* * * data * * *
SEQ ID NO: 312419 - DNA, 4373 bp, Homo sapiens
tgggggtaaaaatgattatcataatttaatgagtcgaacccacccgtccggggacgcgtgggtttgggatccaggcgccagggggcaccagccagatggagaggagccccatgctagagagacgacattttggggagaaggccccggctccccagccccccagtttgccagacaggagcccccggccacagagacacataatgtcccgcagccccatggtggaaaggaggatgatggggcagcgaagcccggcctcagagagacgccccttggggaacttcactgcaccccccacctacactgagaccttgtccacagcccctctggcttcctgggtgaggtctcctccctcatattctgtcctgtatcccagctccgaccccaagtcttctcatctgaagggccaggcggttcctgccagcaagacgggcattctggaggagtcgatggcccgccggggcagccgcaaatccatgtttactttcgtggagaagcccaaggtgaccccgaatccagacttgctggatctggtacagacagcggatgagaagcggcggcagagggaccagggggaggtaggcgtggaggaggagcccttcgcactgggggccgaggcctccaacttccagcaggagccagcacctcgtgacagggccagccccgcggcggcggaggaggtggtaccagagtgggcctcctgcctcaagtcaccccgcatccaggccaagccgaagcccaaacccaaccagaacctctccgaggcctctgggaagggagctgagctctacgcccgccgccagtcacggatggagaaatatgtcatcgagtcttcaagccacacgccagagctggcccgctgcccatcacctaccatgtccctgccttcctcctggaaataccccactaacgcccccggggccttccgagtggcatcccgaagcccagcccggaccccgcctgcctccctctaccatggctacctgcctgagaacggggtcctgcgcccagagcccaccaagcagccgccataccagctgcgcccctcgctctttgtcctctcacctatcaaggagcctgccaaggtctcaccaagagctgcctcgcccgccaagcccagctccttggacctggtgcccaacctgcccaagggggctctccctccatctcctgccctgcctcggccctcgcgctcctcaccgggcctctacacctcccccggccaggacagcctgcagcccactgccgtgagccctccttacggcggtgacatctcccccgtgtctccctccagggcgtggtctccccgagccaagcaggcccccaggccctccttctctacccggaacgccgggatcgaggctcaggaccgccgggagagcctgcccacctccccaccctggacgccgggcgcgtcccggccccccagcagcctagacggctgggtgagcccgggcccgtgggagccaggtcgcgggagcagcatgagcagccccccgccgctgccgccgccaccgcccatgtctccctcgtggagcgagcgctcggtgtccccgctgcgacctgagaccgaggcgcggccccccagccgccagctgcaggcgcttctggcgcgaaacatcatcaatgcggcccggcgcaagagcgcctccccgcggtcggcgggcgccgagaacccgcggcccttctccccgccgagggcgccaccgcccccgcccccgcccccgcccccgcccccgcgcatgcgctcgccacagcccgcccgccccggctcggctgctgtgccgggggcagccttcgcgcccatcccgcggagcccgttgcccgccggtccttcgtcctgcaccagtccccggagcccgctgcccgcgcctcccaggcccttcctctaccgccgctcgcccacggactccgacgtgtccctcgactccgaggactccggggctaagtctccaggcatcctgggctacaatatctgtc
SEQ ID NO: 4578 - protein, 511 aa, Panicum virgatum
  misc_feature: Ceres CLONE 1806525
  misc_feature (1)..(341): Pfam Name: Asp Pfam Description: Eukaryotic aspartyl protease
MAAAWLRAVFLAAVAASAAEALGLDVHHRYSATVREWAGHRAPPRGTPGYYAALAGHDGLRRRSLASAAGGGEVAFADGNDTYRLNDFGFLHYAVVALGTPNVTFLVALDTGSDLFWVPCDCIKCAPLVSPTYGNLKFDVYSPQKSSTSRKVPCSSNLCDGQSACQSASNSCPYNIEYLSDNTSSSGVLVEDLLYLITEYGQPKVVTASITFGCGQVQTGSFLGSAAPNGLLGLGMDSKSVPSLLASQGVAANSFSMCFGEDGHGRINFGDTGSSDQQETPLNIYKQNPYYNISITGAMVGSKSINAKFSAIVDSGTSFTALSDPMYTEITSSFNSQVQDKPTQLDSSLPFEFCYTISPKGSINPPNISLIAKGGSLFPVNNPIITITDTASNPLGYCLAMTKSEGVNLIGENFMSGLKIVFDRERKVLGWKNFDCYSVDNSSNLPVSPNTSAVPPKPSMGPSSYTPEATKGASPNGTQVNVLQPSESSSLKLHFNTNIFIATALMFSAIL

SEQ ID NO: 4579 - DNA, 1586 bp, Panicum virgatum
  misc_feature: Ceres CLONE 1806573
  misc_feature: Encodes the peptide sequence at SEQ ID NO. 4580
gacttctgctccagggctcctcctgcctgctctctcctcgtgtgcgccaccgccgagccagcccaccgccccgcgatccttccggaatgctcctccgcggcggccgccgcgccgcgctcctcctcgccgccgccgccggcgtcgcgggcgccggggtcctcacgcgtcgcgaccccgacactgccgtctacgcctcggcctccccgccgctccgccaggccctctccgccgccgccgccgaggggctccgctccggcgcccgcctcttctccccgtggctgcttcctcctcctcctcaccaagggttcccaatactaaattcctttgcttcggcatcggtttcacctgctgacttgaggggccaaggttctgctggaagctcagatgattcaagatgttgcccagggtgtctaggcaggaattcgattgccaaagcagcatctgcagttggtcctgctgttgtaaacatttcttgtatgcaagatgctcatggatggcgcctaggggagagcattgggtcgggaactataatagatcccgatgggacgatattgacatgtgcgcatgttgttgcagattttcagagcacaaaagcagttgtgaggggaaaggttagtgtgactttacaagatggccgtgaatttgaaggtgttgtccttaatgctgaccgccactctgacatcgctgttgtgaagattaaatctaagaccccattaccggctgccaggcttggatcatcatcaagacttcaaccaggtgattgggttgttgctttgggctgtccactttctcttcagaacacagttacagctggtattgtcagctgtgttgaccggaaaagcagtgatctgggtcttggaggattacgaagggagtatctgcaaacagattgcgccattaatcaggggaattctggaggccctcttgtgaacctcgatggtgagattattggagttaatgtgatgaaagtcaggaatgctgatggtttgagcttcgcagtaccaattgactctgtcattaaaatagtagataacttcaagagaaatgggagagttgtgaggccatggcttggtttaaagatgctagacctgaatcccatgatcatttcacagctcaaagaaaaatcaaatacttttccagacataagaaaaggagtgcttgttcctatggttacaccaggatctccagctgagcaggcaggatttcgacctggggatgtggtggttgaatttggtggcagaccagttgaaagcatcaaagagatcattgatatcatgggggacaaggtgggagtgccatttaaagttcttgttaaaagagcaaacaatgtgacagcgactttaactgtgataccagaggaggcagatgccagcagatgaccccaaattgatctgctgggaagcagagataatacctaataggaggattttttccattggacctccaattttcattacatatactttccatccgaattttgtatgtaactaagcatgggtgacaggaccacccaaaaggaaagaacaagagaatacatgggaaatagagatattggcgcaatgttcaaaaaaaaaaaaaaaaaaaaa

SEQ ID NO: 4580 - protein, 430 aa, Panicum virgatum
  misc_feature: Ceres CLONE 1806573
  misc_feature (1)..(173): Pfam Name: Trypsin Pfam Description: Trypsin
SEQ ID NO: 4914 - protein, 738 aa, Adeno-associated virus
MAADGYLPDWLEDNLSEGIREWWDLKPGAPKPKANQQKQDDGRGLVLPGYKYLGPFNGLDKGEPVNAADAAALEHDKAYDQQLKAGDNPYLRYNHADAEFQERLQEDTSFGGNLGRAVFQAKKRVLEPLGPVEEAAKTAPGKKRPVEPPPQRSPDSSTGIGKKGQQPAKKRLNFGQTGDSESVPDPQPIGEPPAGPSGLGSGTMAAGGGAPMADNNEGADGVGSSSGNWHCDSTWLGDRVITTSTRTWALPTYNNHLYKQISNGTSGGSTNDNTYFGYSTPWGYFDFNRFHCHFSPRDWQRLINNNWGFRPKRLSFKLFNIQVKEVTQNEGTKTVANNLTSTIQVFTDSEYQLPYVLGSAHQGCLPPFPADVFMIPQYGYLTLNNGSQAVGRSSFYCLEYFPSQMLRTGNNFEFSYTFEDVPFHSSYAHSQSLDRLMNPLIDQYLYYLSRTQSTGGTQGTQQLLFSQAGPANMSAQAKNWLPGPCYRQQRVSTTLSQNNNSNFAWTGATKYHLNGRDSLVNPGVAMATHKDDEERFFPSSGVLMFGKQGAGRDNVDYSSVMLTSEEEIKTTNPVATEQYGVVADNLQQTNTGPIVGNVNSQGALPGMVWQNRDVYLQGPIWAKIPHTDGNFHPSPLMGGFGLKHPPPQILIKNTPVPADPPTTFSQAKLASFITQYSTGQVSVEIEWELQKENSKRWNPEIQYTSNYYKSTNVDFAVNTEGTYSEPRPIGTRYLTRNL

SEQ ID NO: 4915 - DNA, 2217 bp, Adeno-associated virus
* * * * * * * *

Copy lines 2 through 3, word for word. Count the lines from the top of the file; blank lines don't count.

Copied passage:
tgggggtaaaaatgattatcataatttaatgagtcgaacccacccgtccggggacgcgtgggtttgggatccaggcgccagggggcaccagccagatggagaggagccccatgctagagagacgacattttggggagaaggccccggctccccagccccccagtttgccagacaggagcccccggccacagagacacataatgtcccgcagccccatggtggaaaggaggatgatggggcagcgaagcccggcctcagagagacgccccttggggaacttcactgcaccccccacctacactgagaccttgtccacagcccctctggcttcctgggtgaggtctcctccctcatattctgtcctgtatcccagctccgaccccaagtcttctcatctgaagggccaggcggttcctgccagcaagacgggcattctggaggagtcgatggcccgccggggcagccgcaaatccatgtttactttcgtggagaagcccaaggtgaccccgaatccagacttgctggatctggtacagacagcggatgagaagcggcggcagagggaccagggggaggtaggcgtggaggaggagcccttcgcactgggggccgaggcctccaacttccagcaggagccagcacctcgtgacagggccagccccgcggcggcggaggaggtggtaccagagtgggcctcctgcctcaagtcaccccgcatccaggccaagccgaagcccaaacccaaccagaacctctccgaggcctctgggaagggagctgagctctacgcccgccgccagtcacggatggagaaatatgtcatcgagtcttcaagccacacgccagagctggcccgctgcccatcacctaccatgtccctgccttcctcctggaaataccccactaacgcccccggggccttccgagtggcatcccgaagcccagcccggaccccgcctgcctccctctaccatggctacctgcctgagaacggggtcctgcgcccagagcccaccaagcagccgccataccagctgcgcccctcgctctttgtcctctcacctatcaaggagcctgccaaggtctcaccaagagctgcctcgcccgccaagcccagctccttggacctggtgcccaacctgcccaagggggctctccctccatctcctgccctgcctcggccctcgcgctcctcaccgggcctctacacctcccccggccaggacagcctgcagcccactgccgtgagccctccttacggcggtgacatctcccccgtgtctccctccagggcgtggtctccccgagccaagcaggcccccaggccctccttctctacccggaacgccgggatcgaggctcaggaccgccgggagagcctgcccacctccccaccctggacgccgggcgcgtcccggccccccagcagcctagacggctgggtgagcccgggcccgtgggagccaggtcgcgggagcagcatgagcagccccccgccgctgccgccgccaccgcccatgtctccctcgtggagcgagcgctcggtgtccccgctgcgacctgagaccgaggcgcggccccccagccgccagctgcaggcgcttctggcgcgaaacatcatcaatgcggcccggcgcaagagcgcctccccgcggtcggcgggcgccgagaacccgcggcccttctccccgccgagggcgccaccgcccccgcccccgcccccgcccccgcccccgcgcatgcgctcgccacagcccgcccgccccggctcggctgctgtgccgggggcagccttcgcgcccatcccgcggagcccgttgcccgccggtccttcgtcctgcaccagtccccggagcccgctgcccgcgcctcccaggcccttcctctaccgccgctcgcccacggactccgacgtgtccctcgactccgaggactccggggctaagtctccaggcatcctgggctacaatatctgtc
SEQ ID NO: 4578 - protein, 511 aa, Panicum virgatum